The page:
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EDITORIAL: Let's talk about domestic violence
Pittsburgh Tribune-Review - 10/13/2021
Oct. 13—October is Domestic Violence Awareness Month. It's an opportunity to not just put up fliers and circulate hotline numbers, but to talk about things that are too frequently unsaid. It is a chance to say the quiet part out loud.
Domestic violence is most often equated with battered wives or girlfriends, but it is so much more than that. It is not about the relationship. It is about power. Control. The ability to make someone do something or to cower in a corner when they are guilty of a perceived wrong.
Domestic violence can happen between partners who are supposed to love and respect each other. It can happen between an adult and a child. It can happen between anyone in a household who wants to hold the reins and any other person who has to fear their pull — or their lash.
While violence is often equated with a punch or a kick, domestic violence is often more subtle. It may be a sharp word instead of a slap. It may be the choking grip of emotional abuse. It can be sexual or psychological. It can be restrictive or economic. It can be about blame for the abuser's faults or making the victim feel incompetent.
And there is no single face to those who are suffering. They are male and female, straight and gay, rich and poor. The same goes for abusers, who may be the loud drunk at the bar or the pastor in the pulpit.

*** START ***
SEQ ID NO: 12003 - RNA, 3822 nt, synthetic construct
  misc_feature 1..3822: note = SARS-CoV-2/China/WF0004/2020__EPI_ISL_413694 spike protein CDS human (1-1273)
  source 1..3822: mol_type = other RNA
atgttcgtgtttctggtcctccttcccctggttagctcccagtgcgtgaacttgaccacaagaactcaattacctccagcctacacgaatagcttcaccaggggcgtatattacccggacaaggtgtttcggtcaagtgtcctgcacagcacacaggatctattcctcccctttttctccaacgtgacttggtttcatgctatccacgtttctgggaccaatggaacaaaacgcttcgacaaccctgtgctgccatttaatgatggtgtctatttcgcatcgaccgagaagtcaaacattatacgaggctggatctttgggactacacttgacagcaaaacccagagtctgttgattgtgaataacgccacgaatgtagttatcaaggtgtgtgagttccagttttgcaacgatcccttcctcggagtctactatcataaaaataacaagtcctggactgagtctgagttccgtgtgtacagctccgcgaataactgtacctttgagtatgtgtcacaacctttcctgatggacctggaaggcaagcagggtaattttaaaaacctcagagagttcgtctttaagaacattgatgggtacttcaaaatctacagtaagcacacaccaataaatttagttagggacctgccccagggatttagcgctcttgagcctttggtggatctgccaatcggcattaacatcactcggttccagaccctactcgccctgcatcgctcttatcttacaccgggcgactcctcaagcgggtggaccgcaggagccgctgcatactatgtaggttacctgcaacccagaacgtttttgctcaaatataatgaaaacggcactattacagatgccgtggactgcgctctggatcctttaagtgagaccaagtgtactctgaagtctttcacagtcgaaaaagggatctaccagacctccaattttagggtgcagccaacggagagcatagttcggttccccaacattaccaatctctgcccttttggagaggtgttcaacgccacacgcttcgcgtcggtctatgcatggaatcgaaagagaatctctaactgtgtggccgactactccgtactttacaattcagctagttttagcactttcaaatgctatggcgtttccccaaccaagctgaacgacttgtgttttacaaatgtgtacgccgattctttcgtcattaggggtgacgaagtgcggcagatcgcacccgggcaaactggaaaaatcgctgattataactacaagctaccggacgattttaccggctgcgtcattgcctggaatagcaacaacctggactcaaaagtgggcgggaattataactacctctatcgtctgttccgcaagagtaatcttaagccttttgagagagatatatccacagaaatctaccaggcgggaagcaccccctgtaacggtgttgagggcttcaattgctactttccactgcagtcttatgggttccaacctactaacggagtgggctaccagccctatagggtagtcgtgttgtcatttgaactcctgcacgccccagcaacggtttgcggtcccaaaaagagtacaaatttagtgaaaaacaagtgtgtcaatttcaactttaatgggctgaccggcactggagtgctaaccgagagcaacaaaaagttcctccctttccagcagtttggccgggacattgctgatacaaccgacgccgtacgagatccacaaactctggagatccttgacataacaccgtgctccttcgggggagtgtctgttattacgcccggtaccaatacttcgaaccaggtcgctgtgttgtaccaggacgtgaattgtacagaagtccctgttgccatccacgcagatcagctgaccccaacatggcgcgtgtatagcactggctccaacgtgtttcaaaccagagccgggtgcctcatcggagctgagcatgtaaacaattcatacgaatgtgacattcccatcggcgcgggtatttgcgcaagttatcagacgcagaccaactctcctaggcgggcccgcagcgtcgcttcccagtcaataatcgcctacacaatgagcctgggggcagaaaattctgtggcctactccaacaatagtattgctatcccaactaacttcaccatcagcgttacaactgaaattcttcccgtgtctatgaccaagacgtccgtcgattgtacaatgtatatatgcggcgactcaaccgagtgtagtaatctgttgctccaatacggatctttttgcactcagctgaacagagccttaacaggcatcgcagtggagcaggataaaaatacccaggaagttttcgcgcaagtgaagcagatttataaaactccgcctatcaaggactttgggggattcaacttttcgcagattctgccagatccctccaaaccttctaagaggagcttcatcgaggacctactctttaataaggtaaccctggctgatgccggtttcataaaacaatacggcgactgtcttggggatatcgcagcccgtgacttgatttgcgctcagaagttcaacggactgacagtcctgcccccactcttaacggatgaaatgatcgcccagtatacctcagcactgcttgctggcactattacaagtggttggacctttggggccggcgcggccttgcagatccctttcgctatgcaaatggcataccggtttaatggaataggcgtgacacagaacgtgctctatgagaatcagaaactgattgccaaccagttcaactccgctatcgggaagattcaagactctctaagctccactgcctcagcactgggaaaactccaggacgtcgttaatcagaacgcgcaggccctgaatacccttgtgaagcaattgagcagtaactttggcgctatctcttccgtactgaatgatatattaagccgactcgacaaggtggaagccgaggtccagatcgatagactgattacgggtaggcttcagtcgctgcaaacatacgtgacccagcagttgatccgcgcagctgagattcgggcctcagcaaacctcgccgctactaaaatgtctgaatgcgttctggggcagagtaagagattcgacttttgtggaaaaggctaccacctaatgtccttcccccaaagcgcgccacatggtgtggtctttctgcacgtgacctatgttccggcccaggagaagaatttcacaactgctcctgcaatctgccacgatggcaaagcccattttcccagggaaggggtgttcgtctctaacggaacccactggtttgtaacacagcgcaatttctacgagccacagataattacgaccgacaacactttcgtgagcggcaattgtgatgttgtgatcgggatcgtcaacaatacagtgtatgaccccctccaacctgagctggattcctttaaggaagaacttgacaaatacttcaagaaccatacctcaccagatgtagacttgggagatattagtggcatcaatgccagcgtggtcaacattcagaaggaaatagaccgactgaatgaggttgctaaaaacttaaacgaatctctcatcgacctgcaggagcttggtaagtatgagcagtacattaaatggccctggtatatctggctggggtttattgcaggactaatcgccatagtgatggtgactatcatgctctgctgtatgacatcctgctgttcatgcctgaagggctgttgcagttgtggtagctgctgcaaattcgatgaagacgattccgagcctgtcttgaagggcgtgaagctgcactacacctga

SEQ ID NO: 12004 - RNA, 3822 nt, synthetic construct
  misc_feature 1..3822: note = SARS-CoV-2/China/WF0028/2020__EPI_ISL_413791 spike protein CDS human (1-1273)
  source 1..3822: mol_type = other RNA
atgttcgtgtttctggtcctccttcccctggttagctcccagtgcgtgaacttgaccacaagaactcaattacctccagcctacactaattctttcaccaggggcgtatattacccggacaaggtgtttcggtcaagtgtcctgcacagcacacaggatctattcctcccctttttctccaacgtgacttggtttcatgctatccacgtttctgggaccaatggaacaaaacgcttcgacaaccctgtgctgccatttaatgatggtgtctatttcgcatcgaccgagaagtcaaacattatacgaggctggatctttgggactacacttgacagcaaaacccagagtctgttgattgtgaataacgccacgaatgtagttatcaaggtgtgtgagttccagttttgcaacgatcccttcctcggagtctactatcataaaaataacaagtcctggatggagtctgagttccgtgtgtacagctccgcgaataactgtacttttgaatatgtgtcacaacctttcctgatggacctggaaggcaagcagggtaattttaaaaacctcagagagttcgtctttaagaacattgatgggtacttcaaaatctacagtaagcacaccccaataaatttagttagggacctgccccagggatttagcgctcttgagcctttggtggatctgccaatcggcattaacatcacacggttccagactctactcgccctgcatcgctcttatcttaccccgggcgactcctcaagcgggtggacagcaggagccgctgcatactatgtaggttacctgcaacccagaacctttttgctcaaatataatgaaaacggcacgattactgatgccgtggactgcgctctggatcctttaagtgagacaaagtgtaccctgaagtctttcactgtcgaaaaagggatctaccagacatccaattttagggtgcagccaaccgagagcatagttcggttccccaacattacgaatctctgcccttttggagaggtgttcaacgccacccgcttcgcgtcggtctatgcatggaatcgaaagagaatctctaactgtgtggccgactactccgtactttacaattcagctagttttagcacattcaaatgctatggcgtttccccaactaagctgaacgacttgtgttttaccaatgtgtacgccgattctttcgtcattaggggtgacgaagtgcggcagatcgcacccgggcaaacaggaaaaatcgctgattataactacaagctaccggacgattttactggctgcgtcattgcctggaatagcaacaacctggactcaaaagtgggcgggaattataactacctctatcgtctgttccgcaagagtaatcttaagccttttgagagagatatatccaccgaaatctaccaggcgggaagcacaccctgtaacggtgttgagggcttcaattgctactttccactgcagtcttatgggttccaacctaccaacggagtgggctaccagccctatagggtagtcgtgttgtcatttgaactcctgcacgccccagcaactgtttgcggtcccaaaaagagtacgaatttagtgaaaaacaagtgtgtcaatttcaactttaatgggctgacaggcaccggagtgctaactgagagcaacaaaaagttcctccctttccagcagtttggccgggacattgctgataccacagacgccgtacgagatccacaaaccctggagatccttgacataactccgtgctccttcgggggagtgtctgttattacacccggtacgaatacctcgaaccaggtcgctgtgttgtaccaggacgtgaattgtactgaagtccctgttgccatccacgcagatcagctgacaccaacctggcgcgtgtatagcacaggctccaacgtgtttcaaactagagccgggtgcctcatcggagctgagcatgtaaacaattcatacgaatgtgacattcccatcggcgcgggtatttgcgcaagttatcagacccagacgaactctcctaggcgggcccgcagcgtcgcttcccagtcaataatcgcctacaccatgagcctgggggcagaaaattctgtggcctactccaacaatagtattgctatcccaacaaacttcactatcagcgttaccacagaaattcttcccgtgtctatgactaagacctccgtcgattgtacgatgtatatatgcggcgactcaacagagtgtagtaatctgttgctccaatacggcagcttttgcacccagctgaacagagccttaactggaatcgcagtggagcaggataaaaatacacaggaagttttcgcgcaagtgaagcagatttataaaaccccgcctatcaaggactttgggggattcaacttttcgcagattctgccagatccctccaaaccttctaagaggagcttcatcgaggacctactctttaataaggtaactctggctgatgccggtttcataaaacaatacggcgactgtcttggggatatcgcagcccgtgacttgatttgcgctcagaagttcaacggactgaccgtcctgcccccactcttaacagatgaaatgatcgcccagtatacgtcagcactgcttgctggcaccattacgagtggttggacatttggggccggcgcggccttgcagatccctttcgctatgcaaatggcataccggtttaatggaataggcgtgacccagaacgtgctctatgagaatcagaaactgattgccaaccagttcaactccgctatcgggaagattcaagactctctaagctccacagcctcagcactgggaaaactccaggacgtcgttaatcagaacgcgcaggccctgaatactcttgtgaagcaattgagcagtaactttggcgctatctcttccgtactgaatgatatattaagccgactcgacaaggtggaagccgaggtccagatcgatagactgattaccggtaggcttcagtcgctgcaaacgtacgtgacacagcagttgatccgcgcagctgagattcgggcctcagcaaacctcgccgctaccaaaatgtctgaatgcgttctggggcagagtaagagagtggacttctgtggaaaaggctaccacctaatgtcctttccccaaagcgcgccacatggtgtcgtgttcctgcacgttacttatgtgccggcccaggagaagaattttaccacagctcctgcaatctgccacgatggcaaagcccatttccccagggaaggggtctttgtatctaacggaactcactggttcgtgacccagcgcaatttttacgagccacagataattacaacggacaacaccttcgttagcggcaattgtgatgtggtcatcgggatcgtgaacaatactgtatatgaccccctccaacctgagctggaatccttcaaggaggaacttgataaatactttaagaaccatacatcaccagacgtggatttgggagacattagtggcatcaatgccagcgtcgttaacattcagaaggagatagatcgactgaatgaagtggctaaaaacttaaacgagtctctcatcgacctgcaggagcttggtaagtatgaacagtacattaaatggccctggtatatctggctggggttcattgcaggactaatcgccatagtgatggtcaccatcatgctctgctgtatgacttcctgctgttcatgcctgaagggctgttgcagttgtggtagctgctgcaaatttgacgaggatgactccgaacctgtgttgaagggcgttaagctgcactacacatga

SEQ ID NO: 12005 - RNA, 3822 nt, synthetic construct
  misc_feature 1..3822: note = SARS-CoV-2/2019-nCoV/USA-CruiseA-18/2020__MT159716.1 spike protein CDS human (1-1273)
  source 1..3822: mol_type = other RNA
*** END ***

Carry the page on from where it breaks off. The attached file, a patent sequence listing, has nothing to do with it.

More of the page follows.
What we do know is domestic violence is almost never an isolated event. It grows like an invasive plant, with a single sprig becoming roots and vines that tie a victim tighter and tighter, especially when children are involved.
In Pennsylvania, about 90,000 people a year are helped by the various local programs like the Blackburn Center in Greensburg, the Alle-
Kiski Area HOPE Center, Inc., in Tarentum or the Women's Center & Shelter of Greater Pittsburgh, agencies that provide assistance to those seeking safety from domestic abuse. In 2020, there were 2,574 people helped in a single day in Pennsylvania.
Despite that, 109 people died as a result of domestic violence in the state last year. They died at the hands of people in their lives who were supposed to be their hands to hold, not fear.
That can be changed by supporting the agencies that help the victims with donations and volunteerism and supporting the work of law enforcement agencies that intervene by letting lawmakers and officials know that combating domestic violence is a priority.
October is not the only time to be aware of domestic violence. That should happen all year long. But this is a good time to talk about it because abuse flourishes when it is ignored.
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